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Right vs. Left: Why A Premier League Striker’s Footedness Matters

Subtle differences in the way a left-footed player like Liverpool's Mohamed Salah plays can make a big impact.

By Andrew Woodin
Mohamed Salah of Liverpool shoots during the UEFA Champions League final match between Liverpool FC and Real Madrid

When it comes to sports, the human body is an incredible machine. Within nanoseconds, the brains of elite athletes process a host of physiological stimuli, prioritize what’s being processed and execute a physical response. Whether that’s slipping a rush on a bootleg pass, crushing a solo homer or ripping a nasty curler inside the goal post, agility and neural connectivity go hand in hand.

This ability to harness, organize and adapt to a flood of signal impulses is referred to as neuroplasticity in sports, and no matter how much you slay the weight room, all those Skullcrushers and Zercher squats mean squat compared to the speed at which your brain’s cerebellum reacts to and processes the stimuli at hand.

Scientifically speaking, this means different things for right-handed and left-handed athletes, and in some cases, provides an advantage over the competition. The fact that roughly 10 percent of the population is left-handed profoundly impacts most games, exploiting the potential for disparity. In baseball, “platoon splits” refers to the fact that righty hitters perform better against lefty pitchers, and lefty hitters do better against righty pitchers. Lefty pitchers are so valuable because lefty hitters empirically do worse against lefty pitchers than righty hitters do against righty pitchers. In football, on the contrary, left-handed quarterbacks are at a disadvantage because game plans are typically designed around righty QB’s. This means left tackles typically own the title as the best pass protectors as they’re usually the ones protecting the QB’s blindside, making their right lateral movement instinctually easier than that of their left . Furthermore, lefty QB’s put a unique spin on the ball, forcing receivers to adjust differently than they do to righties. Considering soccer is played with the feet, how does being left-side or right-side dominant affect the game and translate into one group having an advantage over the other? While numbers never lie, the answer is far more complex than you might think.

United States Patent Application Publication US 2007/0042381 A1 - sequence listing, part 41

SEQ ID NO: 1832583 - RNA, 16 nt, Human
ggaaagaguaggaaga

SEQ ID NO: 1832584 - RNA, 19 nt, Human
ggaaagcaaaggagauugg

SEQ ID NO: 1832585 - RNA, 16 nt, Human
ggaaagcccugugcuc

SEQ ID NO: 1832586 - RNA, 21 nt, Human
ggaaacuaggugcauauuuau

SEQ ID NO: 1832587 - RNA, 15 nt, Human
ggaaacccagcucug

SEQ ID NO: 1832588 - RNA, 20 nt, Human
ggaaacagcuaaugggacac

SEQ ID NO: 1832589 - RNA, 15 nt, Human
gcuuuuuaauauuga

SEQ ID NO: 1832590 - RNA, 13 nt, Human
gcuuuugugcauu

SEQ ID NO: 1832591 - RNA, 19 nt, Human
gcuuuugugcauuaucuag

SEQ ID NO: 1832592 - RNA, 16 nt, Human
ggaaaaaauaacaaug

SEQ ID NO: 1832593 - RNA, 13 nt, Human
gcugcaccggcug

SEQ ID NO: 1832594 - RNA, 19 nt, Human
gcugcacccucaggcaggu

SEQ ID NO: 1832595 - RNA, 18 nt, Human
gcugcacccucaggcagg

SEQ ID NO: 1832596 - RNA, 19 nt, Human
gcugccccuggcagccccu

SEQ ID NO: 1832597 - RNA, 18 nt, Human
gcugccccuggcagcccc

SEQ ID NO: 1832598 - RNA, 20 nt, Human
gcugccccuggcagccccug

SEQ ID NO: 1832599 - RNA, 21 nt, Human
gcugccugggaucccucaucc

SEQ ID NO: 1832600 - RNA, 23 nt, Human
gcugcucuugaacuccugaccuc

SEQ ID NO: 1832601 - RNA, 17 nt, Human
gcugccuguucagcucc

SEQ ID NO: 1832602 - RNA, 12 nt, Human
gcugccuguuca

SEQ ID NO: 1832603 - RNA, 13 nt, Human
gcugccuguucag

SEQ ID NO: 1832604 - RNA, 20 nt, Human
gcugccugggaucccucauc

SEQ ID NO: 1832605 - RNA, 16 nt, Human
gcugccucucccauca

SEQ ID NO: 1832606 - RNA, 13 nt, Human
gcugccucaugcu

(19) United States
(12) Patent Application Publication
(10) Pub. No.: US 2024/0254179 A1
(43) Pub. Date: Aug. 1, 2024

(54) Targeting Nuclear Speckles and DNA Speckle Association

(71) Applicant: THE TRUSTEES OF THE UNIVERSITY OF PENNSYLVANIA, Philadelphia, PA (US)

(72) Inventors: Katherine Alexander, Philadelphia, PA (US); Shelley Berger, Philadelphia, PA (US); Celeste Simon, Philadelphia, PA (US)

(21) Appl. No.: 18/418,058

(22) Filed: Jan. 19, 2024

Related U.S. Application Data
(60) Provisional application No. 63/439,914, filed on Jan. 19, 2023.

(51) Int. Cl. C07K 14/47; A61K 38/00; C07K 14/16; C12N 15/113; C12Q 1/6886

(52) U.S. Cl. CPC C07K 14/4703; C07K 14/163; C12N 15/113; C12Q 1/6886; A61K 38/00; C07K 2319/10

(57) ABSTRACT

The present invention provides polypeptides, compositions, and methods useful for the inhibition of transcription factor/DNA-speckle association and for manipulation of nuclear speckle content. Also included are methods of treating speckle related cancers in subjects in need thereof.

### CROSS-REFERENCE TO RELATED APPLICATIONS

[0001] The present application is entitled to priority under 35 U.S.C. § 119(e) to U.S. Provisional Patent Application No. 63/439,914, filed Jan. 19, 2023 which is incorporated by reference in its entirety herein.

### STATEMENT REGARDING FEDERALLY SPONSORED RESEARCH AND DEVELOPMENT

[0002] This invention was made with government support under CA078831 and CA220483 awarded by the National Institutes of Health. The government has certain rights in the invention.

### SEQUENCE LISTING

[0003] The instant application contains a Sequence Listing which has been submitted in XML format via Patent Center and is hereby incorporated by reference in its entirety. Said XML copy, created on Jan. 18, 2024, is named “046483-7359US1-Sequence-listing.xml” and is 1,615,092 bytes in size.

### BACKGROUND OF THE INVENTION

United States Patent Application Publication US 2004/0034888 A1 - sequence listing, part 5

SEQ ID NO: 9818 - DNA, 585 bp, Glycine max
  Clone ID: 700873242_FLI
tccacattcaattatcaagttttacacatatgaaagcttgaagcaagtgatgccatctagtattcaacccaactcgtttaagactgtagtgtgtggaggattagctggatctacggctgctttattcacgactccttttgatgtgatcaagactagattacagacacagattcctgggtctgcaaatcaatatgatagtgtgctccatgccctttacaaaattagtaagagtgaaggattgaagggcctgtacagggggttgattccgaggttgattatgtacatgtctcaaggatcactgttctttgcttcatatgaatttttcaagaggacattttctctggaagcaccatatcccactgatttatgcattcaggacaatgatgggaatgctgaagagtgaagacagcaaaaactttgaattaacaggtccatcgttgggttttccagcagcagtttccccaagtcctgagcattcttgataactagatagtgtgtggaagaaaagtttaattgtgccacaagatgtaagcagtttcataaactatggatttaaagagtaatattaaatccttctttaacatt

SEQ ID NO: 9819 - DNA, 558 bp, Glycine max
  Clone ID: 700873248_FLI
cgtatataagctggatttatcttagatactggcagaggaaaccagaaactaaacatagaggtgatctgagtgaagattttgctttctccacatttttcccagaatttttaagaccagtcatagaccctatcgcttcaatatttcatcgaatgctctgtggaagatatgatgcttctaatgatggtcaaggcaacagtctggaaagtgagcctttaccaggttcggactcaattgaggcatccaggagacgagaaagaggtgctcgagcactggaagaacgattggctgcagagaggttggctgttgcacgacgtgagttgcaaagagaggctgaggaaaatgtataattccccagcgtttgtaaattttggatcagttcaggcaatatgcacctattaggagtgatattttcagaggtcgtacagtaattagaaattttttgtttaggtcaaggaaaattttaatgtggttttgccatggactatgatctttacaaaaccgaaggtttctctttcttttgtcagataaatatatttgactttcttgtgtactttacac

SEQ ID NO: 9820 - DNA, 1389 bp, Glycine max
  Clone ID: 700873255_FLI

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For the 2018-2019 Premier League season, StatsBomb calculated approximately 870 passes, and 66 percent of those stemmed from the right foot of a player pool that was 75 percent right-foot dominant. Furthermore, every EPL squad except for Wolverhampton completed more right-footed passes than the left in the final 30 minutes of match play. While the analysis seems innocuous enough, it’s tantamount to saying that when the game’s on the line and players on both sides are gassed, players instinctually turn to their naturally stronger foot. This means that, in a league where so many players are predominately right-footed, a true lefty could literally sway the outcome of a game single-footedly.

Think of it this way: Lionel Messi, arguably the greatest footballer on Earth, is a lefty. Despite checking every box from speed, stamina, striking power and field vision, part of his magic lies in who’s defending him – most likely a right-footed defender. Because most soccer players are right-footed, keeping in line with the general population, this means that when it comes to defensive strategy, they’ve trained a majority of their life against right-footed strikers. The same can be said for the left-footed striker, but with a twist: that lefty forward will be intrinsically more adept at challenging a right-footed defender or goalie than they will be at stopping him. From a proximity perspective, left-footed strikers’ strongest foot is furthest away from the defender. So while it’s decidedly easier for right-footed defenders to gauge a right-footed forward’s attack and push that player to the outside, a lefty striker like Messi will comfortably work the opposition’s flank and look to swing a pass into the box. If given too much daylight, left-footed strikers can maneuver inside for a shot or draw in the help defense before setting up a trailing midfielder.

The Premier League has a rich history of cultivating elite, left-footed strikers, in turn, elevating the quality of play in the league while also making it more entertaining for fans to watch. Some notable past left-footed players include Robin van Persie, David Silva, Robbie Fowler and Gareth Bale while a current group of attacking talent includes Patrick Bamford, Riyad Mahrez, Mason Greenwood, and, of course, the Egyptian pitch wizard, Mohamed Salah. Noting that Salah’s already a three-time Golden Boot winner and seeks this season to tie Thierry Henry’s record of four awards, the proof may be in the foot, not the pudding.

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